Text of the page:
Greenbelt Blues Festival in Greenbelt, Maryland, September 22, 2018.

There were plenty of souvenir t-shirts on sale.

Greenbelt Blues Festival in Greenbelt, Maryland, September 22, 2018.

There was a raffle where a lucky person could win this electric guitar. I already have this exact same black and white Fender Stratocaster Squier so I didn’t bother with this raffle.

Greenbelt Blues Festival in Greenbelt, Maryland, September 22, 2018.

There were a few vendor tables where local people offered their services and/or their handmade arts and crafts for sale.

Greenbelt Blues Festival in Greenbelt, Maryland, September 22, 2018.

Greenbelt Blues Festival in Greenbelt, Maryland, September 22, 2018.

Greenbelt Blues Festival in Greenbelt, Maryland, September 22, 2018.

The festival offered compost bins where people can dump food scraps instead of throwing them in the regular trash.

Greenbelt Blues Festival in Greenbelt, Maryland, September 22, 2018.

This man was playing his recorder at the festival.

Greenbelt Blues Festival in Greenbelt, Maryland, September 22, 2018.

This band was one of the many blues bands who performed that day.

Greenbelt Blues Festival in Greenbelt, Maryland, September 22, 2018.

Inside the nearby New Deal Cafe there were a few workshops. I shot this photo while I was waiting for the harmonica workshop to end.

Greenbelt Blues Festival in Greenbelt, Maryland, September 22, 2018.

I sat in on the workshop I was interested in, which was how to play the blues guitar. I brought my acoustic guitar with me to the workshop since it was geared towards acoustic guitars.

Greenbelt Blues Festival in Greenbelt, Maryland, September 22, 2018.

The Greenbelt Makerspace had a bunch of musical instruments that people could borrow and play.

Greenbelt Blues Festival in Greenbelt, Maryland, September 22, 2018.

After spending time at that festival, I went on to another festival in another town, which I’ll write about in a future post.

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I arrived at church with a friend (we were carpooling together) when we saw that it was once again Tye-Dye Sunday. This is an event that’s usually held once a year during the summer. It runs in place of regular Sunday school for the kids while adults have a chance to dye their own shirts once Sunday service ends. Here are a few photos I took at that event.

I had somehow missed the memo about Tye-Dye Sunday so I didn’t bring any blank t-shirts from home. There were a few blank t-shirts lying around but the bulk were too small for me. But then I discovered this one t-shirt that was very stretchy so it could fit me. What’s more, it’s a Michael Kors designer t-shirt. I don’t know who donated that t-shirt. It was a basic blank white shirt that would have been indistinguishable from other white shirts if I hadn’t seen that label.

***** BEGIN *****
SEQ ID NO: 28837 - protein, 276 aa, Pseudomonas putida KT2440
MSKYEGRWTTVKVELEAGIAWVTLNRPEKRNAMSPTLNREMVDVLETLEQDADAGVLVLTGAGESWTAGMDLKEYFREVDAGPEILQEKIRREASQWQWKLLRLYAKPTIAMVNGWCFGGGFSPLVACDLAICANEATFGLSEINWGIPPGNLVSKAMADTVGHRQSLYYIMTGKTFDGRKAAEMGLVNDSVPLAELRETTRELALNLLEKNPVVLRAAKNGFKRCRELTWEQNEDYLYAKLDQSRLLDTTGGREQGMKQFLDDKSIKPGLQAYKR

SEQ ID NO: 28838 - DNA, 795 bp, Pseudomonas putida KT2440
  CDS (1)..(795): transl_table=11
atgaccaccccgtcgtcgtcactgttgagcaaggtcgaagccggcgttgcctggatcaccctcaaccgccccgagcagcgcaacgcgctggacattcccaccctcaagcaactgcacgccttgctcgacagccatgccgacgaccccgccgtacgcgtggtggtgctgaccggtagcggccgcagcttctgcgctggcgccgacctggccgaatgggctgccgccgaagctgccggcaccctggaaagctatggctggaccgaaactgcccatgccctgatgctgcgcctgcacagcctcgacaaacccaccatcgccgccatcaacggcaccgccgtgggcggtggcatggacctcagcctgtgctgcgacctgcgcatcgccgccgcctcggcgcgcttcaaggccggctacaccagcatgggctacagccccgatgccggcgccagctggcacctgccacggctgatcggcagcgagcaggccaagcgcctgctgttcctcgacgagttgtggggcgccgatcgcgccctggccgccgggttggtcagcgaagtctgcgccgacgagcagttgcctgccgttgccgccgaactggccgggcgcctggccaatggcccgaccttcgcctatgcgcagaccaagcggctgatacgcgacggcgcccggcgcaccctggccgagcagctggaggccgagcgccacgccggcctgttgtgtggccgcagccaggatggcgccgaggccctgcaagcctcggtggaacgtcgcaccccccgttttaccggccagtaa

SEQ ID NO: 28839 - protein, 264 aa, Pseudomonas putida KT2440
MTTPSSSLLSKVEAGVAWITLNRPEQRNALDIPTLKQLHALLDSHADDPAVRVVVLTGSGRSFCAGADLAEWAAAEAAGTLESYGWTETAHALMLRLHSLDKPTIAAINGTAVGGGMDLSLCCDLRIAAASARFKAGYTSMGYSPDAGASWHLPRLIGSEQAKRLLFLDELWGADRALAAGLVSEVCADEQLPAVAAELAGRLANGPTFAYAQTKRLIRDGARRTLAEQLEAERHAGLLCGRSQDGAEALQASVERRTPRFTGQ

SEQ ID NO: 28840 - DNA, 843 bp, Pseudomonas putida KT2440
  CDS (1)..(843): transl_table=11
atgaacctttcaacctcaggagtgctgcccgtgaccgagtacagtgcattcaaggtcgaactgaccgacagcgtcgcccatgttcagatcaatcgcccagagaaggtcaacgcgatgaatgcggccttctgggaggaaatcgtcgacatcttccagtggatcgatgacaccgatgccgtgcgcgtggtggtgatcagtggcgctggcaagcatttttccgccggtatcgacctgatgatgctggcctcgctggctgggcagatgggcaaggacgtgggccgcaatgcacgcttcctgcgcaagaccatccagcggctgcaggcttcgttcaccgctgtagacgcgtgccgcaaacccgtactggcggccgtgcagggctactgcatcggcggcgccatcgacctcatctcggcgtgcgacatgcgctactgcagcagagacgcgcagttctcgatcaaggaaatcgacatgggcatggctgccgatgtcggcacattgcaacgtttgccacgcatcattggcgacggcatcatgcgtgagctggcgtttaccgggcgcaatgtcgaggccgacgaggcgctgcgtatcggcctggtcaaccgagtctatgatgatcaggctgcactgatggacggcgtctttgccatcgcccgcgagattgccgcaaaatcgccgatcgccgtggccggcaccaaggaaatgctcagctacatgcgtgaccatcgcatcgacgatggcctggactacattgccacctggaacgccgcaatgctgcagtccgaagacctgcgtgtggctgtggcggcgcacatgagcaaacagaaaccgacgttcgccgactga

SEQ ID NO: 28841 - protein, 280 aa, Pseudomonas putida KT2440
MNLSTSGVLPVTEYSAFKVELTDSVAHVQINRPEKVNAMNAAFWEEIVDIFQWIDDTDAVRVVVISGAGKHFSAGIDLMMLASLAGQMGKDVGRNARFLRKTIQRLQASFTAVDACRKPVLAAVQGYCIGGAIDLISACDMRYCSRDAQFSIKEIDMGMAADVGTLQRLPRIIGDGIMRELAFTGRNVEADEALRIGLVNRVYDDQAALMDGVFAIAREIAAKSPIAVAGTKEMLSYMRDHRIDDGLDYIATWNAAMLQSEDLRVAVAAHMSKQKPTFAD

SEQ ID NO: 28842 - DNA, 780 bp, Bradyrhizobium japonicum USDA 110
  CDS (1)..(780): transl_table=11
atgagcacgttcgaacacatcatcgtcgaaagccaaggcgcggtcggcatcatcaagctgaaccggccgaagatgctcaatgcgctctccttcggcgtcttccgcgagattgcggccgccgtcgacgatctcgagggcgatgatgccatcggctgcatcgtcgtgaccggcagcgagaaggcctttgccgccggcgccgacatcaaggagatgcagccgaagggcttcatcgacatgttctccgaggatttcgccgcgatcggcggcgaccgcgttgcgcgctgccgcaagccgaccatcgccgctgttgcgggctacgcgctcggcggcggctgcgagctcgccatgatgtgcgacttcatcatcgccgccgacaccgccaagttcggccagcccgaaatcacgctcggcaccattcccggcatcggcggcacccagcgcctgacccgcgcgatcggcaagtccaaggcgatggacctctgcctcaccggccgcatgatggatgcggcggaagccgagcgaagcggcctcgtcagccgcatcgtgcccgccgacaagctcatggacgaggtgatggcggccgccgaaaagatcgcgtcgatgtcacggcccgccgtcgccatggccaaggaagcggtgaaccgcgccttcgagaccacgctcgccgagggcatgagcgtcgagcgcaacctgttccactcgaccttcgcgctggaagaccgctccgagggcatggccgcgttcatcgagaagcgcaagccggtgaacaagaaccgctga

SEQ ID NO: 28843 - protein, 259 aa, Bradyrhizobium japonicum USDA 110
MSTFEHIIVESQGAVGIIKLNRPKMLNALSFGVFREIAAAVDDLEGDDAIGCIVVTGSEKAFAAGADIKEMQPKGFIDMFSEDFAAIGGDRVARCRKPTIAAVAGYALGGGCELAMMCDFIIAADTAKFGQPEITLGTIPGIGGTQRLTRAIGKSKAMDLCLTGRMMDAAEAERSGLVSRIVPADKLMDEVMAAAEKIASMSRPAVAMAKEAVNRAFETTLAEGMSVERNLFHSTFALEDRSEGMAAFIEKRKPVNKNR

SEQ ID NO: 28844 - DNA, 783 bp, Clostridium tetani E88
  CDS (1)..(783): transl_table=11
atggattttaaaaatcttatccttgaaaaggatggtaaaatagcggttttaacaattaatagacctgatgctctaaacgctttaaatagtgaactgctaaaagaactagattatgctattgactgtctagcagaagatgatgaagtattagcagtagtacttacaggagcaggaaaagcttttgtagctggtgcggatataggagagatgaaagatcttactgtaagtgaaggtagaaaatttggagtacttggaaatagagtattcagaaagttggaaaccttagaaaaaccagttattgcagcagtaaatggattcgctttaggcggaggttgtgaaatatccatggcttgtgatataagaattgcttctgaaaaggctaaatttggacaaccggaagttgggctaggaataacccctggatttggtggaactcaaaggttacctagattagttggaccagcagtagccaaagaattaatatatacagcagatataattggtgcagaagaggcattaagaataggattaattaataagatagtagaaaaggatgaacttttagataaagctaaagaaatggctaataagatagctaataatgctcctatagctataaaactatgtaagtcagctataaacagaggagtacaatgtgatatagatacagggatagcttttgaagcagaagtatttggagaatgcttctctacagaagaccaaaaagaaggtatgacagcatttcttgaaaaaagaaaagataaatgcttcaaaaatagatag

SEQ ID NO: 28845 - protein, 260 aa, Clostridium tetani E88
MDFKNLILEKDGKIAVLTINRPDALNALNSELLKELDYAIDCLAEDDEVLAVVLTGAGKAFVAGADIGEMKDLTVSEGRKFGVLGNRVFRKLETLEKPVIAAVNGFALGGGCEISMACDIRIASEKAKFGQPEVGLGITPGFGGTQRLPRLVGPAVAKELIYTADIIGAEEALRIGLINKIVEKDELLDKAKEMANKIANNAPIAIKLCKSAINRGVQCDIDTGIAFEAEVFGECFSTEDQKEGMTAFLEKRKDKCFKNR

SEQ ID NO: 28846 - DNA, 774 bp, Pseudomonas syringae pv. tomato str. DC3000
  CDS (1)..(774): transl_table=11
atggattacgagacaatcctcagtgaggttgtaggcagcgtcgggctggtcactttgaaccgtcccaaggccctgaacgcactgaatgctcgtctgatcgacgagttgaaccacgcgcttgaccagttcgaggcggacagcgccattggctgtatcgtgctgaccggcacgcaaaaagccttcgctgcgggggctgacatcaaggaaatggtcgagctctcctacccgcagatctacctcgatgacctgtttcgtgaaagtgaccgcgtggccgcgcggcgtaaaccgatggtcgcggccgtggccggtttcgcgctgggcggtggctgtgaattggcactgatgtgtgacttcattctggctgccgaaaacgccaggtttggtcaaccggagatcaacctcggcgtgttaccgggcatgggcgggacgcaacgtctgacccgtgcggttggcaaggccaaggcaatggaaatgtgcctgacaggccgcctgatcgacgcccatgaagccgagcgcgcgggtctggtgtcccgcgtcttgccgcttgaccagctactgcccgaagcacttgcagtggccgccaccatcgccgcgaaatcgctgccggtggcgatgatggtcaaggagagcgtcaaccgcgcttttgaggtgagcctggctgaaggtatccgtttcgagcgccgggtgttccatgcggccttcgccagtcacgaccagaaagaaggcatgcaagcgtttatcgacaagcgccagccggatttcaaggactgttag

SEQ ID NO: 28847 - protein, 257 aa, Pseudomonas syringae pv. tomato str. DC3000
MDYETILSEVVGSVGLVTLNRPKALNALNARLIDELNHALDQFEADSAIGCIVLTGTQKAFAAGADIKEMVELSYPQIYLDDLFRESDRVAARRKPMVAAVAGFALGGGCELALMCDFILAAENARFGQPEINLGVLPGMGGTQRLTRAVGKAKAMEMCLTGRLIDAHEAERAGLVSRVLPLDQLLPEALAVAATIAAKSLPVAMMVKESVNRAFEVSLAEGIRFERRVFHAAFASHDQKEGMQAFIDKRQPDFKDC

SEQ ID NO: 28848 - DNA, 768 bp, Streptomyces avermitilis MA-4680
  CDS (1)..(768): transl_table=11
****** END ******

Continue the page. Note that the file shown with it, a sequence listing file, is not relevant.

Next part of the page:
I took that shirt for myself, tied rubber bands around it, then put it in this vat of purple dye.

I put the shirt in a zip-lock bag then took it home with me. The following day I washed it and it looked okay. While my t-shirt was drying I decided to take a trip to the local mall and I was walking around Jo-Ann’s Fabrics & Crafts. I saw this unicorn iron-on appliqué with a color scheme that would definitely match my newly-dyed Michael Kors t-shirt. I also have the Jo-Ann’s app on my smartphone so I was able to use a coupon and pay just $2.50 for that appliqué. Sweet!

So I ironed that appliqué patch on the t-shirt once it fully dried. Here is the front of the shirt.

The next photo show the back of the t-shirt.

And, last but not least, here’s a selfie of me modeling that t-shirt.

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I’ve just read the news about First Daughter Ivanka Trump closing down her fashion line. While I feel bad for the employees who will be losing their jobs, I have zero sympathy for Ivanka Trump.

Actually she was someone whom—under entirely different circumstances—I would have felt sorry for because she didn’t have it easy despite growing up in wealth and privilege. Try to imagine being a kid who’s old enough to learn about the media coverage of her parents’ divorce along with her father’s open affair with Marla Maples (who later became his second wife for a brief spell). Try to imagine growing up with a father publicly saying all kinds of sexually inappropriate things about his own daughter, which The Daily Show has archived in this two-part series: Don’t Forget: Donald Trump Wants to Bang His Daughter and Again, Don’t Forget: Donald Trump Wants to Bang His Daughter.

While I would love to feel sorry for her, I just can’t do it. Ivanka chose to work for her father after she finished college—the same father who said those sexually inappropriate things about her. She has spent the bulk of her professional career working for her father. When her father was elected president, Ivanka moved with her family to Washington, DC in order to serve as an advisor to her father.

I still remember when Donald Trump first arrived at the White House I read about some people expressing hopes that Ivanka Trump would serve as some kind of a moderating force for her father in the White House—a kind of a softer version of a social justice warrior. That was definitely wishful thinking on their part because, to date, I have yet to see Ivanka take any kind of a major stand on an issue while urging her father to support that issue. It’s like this Daily Beast headline says: How Ivanka Trump’s Loyalty to Her Father Killed Her Fashion Label.